So what can we do?

The Wandle Trust are trialling Siltex in Carshalton Ponds as a potential solution to the surplus of silt.

Siltex is a natural chalk-like substance which helps to increase the speed of silt breakdown by stimulating natural processes. It is environmentally friendly and is harmless to plants and animals.

Siltex

In the next week, we will be applying the Siltex powder to the mud in Carshalton Ponds. The effects of Siltex will then be monitored closely over the next few months by our staff to determine the effectiveness of the measure and its effects on water quality.

We will of course keep you updated with our news – so keep your eyes out for more Siltex blogs.

Pollution-Busting on the Wandle

Over the last 2 years, the Wandle Trust has been intensifying efforts to tackle the considerable problem of pollution in the river. Often contamination can be tackled by our partners in the Environment Agency, tracking down pollution to the source. However, this does not work for all sources of contamination.

For example, contaminants such as particles from car exhaust, the loss of engine oil and other contaminants from the roads can all be washed into the river from no one “point” source. This is known as diffuse pollution.

To illustrate this, there are about 2.5 million cars in London, and 16% of them leak oil. It has been calculated that this would equate to 261,635 gallons of oils dripping onto roads every year! Much of this oil will work its way into London’s surface water drains and then the rivers.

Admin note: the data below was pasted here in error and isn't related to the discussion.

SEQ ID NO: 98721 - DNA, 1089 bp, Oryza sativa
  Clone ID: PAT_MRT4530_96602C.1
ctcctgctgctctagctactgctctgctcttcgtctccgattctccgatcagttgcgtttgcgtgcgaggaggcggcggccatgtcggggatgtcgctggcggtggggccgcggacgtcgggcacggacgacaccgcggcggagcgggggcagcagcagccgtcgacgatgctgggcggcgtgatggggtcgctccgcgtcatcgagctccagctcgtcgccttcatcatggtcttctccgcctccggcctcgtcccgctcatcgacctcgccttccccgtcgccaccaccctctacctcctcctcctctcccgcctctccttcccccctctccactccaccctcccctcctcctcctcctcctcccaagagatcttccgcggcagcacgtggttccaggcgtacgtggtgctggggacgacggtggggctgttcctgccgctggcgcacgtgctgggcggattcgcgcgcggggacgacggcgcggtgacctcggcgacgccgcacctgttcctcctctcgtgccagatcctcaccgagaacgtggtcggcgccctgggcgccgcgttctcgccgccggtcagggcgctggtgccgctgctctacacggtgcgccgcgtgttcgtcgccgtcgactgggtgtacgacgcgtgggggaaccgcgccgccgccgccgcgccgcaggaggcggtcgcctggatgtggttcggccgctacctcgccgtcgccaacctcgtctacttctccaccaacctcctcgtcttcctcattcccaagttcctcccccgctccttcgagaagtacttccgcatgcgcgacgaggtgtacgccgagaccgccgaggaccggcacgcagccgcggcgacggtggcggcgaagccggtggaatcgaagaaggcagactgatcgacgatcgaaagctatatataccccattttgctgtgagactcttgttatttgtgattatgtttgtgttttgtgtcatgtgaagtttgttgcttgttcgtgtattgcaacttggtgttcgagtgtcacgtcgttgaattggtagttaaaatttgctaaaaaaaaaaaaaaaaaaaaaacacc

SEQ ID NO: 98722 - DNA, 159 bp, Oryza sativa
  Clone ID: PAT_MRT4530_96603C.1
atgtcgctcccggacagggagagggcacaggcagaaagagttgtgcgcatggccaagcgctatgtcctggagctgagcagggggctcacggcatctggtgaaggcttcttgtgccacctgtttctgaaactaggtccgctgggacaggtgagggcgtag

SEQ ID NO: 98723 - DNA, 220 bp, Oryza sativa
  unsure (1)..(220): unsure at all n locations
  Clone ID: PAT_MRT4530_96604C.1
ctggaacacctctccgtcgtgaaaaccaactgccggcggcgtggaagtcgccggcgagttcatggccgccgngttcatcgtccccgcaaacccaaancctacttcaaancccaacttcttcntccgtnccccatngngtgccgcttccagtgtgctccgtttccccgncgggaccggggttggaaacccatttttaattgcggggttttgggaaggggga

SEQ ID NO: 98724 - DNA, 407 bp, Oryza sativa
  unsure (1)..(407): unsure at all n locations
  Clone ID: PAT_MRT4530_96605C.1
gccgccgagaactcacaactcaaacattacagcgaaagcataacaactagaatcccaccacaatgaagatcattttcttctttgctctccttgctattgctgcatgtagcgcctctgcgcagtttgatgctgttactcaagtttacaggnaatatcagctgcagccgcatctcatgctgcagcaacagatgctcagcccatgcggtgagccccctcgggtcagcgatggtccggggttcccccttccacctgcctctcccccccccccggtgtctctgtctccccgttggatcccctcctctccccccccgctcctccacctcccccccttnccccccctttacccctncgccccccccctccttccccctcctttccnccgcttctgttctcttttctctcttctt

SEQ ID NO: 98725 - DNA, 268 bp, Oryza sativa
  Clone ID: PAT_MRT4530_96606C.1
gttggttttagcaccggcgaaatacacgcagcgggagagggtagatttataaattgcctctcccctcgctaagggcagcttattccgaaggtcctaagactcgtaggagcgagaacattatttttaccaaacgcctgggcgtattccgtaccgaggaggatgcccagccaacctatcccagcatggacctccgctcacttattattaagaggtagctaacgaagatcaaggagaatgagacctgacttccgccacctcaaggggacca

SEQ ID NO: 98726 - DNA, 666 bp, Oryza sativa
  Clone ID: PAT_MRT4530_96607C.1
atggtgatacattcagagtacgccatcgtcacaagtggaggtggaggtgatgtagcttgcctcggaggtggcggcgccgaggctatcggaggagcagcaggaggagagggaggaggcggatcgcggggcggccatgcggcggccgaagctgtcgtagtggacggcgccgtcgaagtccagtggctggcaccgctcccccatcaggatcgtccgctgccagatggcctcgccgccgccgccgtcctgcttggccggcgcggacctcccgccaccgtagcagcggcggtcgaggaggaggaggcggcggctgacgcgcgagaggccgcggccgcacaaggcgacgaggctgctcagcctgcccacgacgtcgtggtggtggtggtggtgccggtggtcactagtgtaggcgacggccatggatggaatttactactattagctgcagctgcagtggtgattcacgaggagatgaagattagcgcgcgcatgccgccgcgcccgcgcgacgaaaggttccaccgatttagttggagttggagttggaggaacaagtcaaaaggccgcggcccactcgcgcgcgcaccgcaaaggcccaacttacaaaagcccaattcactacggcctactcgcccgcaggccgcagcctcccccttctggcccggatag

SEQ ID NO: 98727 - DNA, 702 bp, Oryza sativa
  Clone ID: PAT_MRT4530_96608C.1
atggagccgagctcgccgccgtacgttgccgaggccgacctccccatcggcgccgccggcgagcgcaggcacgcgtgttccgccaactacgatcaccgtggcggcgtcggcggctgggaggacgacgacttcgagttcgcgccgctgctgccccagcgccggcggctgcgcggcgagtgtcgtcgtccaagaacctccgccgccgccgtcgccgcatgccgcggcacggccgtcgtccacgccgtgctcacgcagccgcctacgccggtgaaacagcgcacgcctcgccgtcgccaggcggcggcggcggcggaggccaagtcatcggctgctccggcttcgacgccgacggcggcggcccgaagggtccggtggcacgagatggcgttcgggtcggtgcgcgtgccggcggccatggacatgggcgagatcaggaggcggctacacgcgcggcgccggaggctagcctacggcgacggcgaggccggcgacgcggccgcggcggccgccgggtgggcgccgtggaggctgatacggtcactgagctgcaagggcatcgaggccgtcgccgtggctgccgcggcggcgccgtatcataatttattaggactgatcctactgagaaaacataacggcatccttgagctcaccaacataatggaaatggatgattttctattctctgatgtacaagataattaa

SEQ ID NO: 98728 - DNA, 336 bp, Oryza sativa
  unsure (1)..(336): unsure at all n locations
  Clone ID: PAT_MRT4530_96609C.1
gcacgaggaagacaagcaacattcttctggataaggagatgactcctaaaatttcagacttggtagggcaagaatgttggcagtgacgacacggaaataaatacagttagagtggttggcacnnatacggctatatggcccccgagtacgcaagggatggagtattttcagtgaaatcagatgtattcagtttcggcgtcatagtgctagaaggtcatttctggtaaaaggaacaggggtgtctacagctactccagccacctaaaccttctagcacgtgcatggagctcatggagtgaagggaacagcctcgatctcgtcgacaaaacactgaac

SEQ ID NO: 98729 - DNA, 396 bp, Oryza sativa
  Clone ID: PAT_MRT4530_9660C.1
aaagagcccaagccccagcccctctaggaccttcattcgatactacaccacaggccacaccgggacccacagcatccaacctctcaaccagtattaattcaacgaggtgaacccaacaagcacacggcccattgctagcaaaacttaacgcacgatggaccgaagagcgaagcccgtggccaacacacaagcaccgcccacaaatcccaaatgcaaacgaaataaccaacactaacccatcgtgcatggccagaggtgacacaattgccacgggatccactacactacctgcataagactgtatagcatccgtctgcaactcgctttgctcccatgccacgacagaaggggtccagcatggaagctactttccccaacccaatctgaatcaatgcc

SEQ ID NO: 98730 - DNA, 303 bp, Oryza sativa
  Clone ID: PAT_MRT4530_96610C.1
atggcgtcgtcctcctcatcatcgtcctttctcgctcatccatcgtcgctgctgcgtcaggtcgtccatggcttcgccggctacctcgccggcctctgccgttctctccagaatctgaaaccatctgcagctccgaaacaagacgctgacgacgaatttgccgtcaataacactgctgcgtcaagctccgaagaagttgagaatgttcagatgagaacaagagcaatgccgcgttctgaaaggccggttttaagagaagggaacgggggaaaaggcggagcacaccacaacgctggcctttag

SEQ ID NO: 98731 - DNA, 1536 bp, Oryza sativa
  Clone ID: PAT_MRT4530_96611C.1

DiffusePollution

Although changes to the law and car technology may help one day in the future, we need to start acting now. It has been the Wandle Trust’s mission to find out how the contaminated waters from the surface water drains can be cleaned up before entering our river. This is vitally important because water quality is a major determinant of what wildlife can live in the rivers, how beautiful the rivers are, and how much the community value their local water landscapes.

In the current phase of our Pollution Busting Project, four measures are being installed and trialled to determine their effectiveness in reducing the contamination coming into the River Wandle. These measures are the most promising selected from several which were investigated by the Trust and they are called: